Schwann Cell Proliferation and Macrophage Infiltration Are Evident at Day 14 after Painful Cervical Nerve Root Compression in the Rat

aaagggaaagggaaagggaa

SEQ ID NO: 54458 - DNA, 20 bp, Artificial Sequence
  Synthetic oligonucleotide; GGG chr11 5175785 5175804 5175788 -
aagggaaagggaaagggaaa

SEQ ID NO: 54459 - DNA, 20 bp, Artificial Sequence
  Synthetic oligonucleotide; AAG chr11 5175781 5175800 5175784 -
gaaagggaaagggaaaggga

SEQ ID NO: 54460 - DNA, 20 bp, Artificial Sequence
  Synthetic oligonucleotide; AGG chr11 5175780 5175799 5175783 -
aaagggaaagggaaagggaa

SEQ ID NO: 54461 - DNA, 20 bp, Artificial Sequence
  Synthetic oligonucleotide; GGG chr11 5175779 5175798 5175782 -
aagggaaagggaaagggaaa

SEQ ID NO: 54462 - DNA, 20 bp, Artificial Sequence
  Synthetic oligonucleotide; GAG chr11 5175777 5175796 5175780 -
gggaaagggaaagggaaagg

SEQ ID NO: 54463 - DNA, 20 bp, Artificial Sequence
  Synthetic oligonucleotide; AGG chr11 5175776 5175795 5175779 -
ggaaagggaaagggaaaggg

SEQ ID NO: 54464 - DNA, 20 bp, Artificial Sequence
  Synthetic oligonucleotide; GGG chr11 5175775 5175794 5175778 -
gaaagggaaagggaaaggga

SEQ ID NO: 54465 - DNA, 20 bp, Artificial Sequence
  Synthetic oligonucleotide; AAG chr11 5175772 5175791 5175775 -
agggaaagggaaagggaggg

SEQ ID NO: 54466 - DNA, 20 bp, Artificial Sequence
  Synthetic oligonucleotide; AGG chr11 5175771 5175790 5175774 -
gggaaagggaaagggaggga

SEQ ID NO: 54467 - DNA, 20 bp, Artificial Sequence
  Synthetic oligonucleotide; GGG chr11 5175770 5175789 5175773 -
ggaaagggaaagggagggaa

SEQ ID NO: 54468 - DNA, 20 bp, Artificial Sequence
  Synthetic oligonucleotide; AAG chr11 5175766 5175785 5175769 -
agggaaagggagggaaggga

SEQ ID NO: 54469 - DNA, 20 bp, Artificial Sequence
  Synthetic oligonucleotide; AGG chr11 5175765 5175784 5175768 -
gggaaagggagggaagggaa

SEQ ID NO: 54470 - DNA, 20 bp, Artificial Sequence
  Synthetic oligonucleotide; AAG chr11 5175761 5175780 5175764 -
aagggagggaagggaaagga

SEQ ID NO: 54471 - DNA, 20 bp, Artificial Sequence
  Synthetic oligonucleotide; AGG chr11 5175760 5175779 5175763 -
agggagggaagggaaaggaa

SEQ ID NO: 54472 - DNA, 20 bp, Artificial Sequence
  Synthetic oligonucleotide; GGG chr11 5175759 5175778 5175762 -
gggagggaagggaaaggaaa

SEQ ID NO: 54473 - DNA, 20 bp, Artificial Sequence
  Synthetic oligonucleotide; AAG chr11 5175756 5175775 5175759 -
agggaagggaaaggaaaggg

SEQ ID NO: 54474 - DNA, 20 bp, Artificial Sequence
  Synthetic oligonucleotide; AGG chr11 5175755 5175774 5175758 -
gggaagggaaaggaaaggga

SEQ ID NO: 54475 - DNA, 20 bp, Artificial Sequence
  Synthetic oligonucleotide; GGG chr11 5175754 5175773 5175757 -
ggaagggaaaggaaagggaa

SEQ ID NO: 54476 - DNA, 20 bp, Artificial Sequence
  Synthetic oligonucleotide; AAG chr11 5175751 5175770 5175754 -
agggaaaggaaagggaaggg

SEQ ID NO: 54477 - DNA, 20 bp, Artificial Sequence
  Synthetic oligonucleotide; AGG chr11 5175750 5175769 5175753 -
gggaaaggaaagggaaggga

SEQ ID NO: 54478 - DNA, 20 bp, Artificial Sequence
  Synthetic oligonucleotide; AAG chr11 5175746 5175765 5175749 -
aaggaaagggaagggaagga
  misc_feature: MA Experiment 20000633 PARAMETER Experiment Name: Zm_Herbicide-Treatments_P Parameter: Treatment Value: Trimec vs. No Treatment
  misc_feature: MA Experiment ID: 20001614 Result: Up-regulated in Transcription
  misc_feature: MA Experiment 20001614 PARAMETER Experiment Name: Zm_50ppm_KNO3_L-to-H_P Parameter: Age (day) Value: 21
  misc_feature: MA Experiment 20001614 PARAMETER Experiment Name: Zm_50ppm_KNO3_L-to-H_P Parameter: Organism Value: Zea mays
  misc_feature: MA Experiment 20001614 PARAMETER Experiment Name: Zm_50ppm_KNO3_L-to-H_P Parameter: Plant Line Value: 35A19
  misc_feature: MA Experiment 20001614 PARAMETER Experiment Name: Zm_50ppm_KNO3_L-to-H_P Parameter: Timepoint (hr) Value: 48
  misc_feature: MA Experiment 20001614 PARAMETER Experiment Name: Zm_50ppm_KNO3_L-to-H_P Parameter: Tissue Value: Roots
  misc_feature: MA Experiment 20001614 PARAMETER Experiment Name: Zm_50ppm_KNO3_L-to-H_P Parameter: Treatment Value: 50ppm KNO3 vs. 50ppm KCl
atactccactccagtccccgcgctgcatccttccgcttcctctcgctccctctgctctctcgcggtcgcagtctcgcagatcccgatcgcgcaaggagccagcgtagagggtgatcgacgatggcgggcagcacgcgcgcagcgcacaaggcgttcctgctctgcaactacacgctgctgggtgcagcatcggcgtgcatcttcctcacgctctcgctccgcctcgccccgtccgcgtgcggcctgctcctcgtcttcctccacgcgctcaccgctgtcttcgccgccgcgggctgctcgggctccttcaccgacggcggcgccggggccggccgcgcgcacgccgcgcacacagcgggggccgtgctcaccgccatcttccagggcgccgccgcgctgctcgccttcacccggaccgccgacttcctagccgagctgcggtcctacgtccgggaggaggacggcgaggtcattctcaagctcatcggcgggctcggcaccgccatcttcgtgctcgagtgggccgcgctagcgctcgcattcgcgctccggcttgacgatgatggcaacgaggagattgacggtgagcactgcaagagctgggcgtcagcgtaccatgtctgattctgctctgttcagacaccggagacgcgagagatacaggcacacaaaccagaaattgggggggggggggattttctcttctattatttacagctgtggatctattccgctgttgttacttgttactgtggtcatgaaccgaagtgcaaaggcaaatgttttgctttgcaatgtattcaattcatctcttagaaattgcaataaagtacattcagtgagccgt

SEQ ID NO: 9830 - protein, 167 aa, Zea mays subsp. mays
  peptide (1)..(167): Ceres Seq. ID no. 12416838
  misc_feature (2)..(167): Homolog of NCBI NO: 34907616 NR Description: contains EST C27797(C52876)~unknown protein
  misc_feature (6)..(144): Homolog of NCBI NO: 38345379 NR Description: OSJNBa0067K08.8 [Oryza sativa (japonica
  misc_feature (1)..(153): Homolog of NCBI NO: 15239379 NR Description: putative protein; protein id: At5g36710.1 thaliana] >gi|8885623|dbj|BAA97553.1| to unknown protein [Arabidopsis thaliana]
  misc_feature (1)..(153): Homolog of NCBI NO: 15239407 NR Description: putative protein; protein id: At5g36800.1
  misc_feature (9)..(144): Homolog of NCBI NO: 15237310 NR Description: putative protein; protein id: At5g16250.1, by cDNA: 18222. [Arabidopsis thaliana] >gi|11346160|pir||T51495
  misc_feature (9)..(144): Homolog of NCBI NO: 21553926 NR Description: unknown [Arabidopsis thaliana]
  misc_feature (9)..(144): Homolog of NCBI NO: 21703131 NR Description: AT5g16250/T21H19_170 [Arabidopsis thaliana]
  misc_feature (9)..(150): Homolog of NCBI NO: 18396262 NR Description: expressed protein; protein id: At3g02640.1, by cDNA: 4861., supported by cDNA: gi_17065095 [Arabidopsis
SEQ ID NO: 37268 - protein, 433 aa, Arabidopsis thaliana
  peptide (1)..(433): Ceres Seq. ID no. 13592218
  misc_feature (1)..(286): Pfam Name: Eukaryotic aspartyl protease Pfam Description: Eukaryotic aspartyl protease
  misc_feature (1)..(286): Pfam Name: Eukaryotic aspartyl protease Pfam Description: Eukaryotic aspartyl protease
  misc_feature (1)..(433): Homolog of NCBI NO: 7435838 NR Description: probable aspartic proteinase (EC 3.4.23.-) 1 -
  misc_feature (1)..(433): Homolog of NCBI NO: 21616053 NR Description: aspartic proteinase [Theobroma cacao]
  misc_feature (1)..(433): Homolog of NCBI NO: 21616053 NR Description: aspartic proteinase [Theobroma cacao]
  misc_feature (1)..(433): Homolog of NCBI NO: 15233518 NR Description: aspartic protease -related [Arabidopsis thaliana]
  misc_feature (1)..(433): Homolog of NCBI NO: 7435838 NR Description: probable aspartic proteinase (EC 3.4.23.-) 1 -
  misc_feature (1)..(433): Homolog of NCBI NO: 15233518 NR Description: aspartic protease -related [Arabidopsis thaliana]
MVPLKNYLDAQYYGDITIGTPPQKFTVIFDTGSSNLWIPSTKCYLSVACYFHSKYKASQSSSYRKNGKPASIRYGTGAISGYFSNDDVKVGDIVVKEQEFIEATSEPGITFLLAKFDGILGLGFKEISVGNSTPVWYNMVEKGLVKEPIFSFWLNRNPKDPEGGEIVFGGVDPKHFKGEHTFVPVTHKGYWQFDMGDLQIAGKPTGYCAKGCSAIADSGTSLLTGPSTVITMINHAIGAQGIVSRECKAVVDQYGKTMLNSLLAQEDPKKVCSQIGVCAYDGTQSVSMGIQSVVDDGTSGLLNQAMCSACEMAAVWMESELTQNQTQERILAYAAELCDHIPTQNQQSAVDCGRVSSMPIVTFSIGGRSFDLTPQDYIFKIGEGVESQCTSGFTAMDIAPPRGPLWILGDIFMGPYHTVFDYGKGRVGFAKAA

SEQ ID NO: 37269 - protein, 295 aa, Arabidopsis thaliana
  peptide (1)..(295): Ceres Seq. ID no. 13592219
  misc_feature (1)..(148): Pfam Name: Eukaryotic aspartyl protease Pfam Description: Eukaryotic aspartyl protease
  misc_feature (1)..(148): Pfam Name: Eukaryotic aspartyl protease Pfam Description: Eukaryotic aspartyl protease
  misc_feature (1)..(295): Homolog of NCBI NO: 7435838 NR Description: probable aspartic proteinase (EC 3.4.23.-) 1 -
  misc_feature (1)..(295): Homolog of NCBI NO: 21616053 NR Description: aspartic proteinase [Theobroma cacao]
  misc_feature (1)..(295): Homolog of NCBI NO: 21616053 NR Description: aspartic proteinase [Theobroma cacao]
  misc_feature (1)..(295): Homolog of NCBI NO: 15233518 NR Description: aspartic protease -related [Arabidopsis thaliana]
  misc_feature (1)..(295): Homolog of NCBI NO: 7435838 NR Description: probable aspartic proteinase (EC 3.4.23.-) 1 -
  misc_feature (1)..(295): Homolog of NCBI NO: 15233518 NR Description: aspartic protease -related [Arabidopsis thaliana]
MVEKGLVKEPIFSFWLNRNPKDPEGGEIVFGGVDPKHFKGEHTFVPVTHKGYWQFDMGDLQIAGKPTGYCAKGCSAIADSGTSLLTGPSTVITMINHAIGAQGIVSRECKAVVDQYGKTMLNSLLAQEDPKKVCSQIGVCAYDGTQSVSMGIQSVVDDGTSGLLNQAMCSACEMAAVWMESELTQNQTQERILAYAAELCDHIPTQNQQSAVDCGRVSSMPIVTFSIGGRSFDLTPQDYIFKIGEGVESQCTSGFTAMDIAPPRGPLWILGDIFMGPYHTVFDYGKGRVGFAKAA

Although it is known that different types of nerve root insults can produce radicular pain, it is not known whether the neuronal and Schwann cell pathologies in the nerve root vary between inflammation-induced nerve root injury and traumatic compression. This study examined the extent of Wallerian degeneration and associated cellular repair processes in the nerve root in the context of mechanical hyperalgesia resulting from different modes of painful nerve root injury. The C7 dorsal nerve root underwent a transient 10 gram-force compression (10g), inflammation-induced irritation by chromic gut exposure (Cg), or a combination of those stimuli (10g + Cg). Fourteen days after injury when hyperalgesia remained, immunohistochemical analysis revealed upregulation of substance P, robust macrophage infiltration, myelin degeneration and debris removal, and a significant increase in the number of myelinating Schwann cells (Krox20-positive) in the compressed roots (10g, 10g + Cg). Cg alone also produced hyperalgesia, despite being associated with intact myelin. Unilateral exposure to chromic material induced bilateral increases in macrophages and Krox20-positive Schwann cells in the nerve roots, and substance P expression in the dorsal root ganglion (DRG) neurons. Results suggest that despite similar sensitivity, the extent of infiltrating macrophages and repopulated Schwann cells varies for pain from mechanical and/or chemical nerve root injury. Although these different cellular mechanisms may explain pain, they may also only reflect varying injury etiologies.